When College senior Yessenia Moreno arrived at Penn in 2012, she stopped by Penn’s Computer Connection to buy a new laptop. To her disappointment, the University did not provide Microsoft Office — a tool that is indispensable for succeeding in almost any class at Penn.
As a low-income student, she received financial aid, but her package did not cover the approximately $100 cost of Microsoft Office. The software provided an added burden to the already high expenses of any student’s first few months of college.
But by her sophomore year, Moreno had joined the Undergraduate Assembly, where she served on the Academic Affairs committee. In September of 2013, she introduced a proposal for a project — to make Microsoft Office free to all Penn undergraduates.
“It was something that caught my eye that was really important,” she said. “It’s something that I feel as Penn students we take for granted, but we use it all the time.”
Although some schools and classes provide subsidized or free technology for students — for example, Wharton students enjoy the benefit of free printing — Moreno said that none of the schools provided Microsoft Office for free when she introduced the initiative.
“It’s a very important thing to have,” she said. “It’s one less thing to worry about, one less thing to pay.”
Thanks to Moreno’s work, the Class of 2019 will not have to pay for Microsoft Office — all Penn students can acquire the software free through Campus Express.
College sophomore Nathaniel Rome, a current member of the Academic Affairs committee, said the UA was proud to have completed its project.
“This is a change that the Academic Affairs Committee has lobbied for in the past,” he said in an email. “We are pleased to see that that the administration is addressing this student need and we look forward to another productive year, working with the administration to improve the quality of life and education on campus.”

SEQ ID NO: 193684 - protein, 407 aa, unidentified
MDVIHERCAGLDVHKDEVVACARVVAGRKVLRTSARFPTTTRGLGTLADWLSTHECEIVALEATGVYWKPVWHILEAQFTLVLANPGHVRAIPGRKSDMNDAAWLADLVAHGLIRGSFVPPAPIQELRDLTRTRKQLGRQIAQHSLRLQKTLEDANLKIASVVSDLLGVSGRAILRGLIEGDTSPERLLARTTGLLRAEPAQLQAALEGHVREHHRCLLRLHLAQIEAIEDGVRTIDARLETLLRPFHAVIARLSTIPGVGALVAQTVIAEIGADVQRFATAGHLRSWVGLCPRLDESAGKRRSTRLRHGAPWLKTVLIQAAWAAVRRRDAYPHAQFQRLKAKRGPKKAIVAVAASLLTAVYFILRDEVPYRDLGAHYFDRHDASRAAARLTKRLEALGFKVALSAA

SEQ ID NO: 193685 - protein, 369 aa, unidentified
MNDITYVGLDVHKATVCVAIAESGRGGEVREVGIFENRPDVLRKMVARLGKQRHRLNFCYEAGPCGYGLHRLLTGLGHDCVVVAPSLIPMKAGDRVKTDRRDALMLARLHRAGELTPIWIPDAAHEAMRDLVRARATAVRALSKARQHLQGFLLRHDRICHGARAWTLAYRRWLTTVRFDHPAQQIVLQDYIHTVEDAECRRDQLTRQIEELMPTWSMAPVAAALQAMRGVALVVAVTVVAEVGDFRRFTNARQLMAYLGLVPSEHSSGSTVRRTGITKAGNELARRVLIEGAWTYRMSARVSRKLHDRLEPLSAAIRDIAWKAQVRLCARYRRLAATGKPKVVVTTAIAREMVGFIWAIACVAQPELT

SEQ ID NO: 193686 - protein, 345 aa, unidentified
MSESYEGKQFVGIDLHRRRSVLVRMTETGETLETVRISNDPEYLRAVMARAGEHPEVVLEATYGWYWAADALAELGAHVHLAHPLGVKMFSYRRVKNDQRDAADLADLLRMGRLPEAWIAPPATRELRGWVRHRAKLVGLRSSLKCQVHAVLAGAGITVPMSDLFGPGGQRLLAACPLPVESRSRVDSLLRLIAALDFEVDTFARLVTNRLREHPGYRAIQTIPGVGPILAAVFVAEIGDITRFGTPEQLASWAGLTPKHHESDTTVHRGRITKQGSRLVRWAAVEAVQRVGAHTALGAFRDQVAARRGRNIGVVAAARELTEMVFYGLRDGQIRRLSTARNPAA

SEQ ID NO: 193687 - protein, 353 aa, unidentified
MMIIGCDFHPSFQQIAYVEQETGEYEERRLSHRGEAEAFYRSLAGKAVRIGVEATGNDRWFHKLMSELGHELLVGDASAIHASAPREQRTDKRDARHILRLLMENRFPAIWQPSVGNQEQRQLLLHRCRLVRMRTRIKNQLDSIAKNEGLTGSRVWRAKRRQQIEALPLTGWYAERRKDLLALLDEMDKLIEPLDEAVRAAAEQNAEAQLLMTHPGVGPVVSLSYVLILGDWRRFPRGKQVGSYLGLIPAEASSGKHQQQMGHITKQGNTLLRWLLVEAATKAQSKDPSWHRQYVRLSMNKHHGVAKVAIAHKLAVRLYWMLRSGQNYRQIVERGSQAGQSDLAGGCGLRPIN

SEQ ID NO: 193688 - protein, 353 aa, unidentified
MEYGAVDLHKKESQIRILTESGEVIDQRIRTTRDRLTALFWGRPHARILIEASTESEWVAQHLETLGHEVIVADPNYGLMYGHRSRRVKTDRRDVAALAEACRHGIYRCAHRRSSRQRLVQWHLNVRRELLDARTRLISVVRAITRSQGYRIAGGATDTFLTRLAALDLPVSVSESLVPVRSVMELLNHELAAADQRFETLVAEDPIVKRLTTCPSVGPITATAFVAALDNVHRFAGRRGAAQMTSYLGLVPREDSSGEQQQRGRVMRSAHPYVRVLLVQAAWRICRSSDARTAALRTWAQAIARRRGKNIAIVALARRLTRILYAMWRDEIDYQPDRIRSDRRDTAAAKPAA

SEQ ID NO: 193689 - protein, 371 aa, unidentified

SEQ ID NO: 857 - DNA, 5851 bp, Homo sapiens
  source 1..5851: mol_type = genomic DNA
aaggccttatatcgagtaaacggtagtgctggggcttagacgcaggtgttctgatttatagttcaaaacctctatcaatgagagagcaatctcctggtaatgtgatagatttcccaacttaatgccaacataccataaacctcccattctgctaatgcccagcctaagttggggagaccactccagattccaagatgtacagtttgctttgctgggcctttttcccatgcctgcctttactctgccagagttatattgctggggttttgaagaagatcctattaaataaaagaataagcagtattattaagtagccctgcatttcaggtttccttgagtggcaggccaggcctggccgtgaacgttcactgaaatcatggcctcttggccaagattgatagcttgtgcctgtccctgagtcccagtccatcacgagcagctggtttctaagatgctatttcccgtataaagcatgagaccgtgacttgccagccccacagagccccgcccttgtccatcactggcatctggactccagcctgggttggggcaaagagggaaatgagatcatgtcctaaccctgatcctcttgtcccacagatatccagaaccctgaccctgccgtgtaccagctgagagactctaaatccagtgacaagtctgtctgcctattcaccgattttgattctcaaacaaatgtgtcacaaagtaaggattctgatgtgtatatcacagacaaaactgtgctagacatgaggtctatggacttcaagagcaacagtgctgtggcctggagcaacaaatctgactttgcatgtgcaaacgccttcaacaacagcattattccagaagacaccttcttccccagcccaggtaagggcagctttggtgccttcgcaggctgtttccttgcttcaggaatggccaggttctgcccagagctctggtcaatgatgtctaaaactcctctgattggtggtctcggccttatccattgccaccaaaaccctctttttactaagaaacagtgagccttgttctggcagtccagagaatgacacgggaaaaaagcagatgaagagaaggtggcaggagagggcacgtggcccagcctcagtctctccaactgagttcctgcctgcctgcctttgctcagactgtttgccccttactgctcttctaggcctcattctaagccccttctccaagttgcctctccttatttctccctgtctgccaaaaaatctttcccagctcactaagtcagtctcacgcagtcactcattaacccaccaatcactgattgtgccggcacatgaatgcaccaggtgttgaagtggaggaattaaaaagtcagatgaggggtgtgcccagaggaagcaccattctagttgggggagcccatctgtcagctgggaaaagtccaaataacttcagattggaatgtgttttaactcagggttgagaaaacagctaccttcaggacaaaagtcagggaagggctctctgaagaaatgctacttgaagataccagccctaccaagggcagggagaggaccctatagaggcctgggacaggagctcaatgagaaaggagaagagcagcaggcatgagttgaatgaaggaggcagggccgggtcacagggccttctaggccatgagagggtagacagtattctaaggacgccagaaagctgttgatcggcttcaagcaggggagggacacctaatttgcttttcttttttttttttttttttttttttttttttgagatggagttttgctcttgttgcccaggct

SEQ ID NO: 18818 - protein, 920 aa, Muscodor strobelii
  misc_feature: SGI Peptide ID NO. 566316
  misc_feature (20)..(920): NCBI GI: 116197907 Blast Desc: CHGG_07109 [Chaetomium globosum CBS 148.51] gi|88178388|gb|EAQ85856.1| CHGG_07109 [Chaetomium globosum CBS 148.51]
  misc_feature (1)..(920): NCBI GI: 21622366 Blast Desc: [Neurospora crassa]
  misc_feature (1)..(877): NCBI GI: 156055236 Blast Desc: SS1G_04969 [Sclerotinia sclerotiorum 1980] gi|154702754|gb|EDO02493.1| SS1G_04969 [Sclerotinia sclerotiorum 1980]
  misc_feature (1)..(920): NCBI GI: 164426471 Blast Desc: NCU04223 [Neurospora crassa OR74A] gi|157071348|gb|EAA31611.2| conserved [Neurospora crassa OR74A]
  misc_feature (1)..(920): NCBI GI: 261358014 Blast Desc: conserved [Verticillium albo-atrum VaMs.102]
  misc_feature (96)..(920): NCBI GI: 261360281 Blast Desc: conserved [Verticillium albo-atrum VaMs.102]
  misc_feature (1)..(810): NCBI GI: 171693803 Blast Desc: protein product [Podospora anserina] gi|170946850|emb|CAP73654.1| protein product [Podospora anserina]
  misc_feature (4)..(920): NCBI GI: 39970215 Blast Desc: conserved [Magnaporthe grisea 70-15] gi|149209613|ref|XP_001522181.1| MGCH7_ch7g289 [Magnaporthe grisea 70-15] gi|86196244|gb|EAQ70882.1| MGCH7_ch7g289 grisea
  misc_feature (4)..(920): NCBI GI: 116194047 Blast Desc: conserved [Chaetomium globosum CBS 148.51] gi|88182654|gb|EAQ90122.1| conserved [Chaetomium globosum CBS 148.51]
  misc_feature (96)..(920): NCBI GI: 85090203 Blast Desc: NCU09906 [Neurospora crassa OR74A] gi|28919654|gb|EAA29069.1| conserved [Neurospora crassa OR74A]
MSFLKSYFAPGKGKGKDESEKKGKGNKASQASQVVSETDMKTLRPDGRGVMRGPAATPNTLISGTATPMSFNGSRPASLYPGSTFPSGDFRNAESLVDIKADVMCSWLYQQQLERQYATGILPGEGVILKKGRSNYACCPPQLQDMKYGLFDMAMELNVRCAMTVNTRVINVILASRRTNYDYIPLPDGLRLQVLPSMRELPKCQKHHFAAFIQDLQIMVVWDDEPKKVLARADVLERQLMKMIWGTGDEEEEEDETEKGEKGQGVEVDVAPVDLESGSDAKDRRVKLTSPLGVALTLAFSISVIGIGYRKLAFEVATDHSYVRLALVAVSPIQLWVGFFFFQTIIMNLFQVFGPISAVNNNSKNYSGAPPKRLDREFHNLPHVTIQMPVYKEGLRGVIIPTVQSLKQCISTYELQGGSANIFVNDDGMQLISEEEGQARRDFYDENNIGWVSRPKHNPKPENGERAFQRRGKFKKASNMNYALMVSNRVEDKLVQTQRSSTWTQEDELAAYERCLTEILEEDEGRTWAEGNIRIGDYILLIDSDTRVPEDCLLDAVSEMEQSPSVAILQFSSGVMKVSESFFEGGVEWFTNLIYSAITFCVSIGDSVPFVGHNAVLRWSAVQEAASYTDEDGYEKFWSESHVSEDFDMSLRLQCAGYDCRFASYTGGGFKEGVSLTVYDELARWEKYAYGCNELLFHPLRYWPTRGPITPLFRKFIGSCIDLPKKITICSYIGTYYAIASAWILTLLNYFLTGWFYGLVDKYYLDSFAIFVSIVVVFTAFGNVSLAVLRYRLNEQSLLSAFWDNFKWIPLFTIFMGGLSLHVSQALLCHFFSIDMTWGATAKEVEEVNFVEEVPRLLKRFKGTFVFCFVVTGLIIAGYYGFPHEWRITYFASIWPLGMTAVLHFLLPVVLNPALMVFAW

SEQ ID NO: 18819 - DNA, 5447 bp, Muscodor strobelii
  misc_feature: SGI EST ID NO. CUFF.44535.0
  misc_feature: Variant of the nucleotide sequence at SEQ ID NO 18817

Office 365, the newest version of Microsoft software, was made available through an agreement between Penn and Microsoft, and includes cloud-based email, calendaring and the full Microsoft Office suite of applications — Word, Excel, PowerPoint, OneNote, Outlook, Publisher and Access.
While students like Moreno have pushed the University to provide Microsoft Office to students, Jaron Rhodes, the Director of Communications at Penn Information Systems and Computing, explained that the project has been a priority for the administration as well.
“The University has fostered a long-standing desire to provide Microsoft Office products to our students at no cost,” he said in an email. “PennO365 represents a major collaboration success that will ultimately benefit students and the entire University.”
Moreno believes that this year’s freshmen will benefit most from the now-free software. “Particularly for the incoming class, it’s really cool,” she said. “It’s really exciting, and they’re really lucky.”
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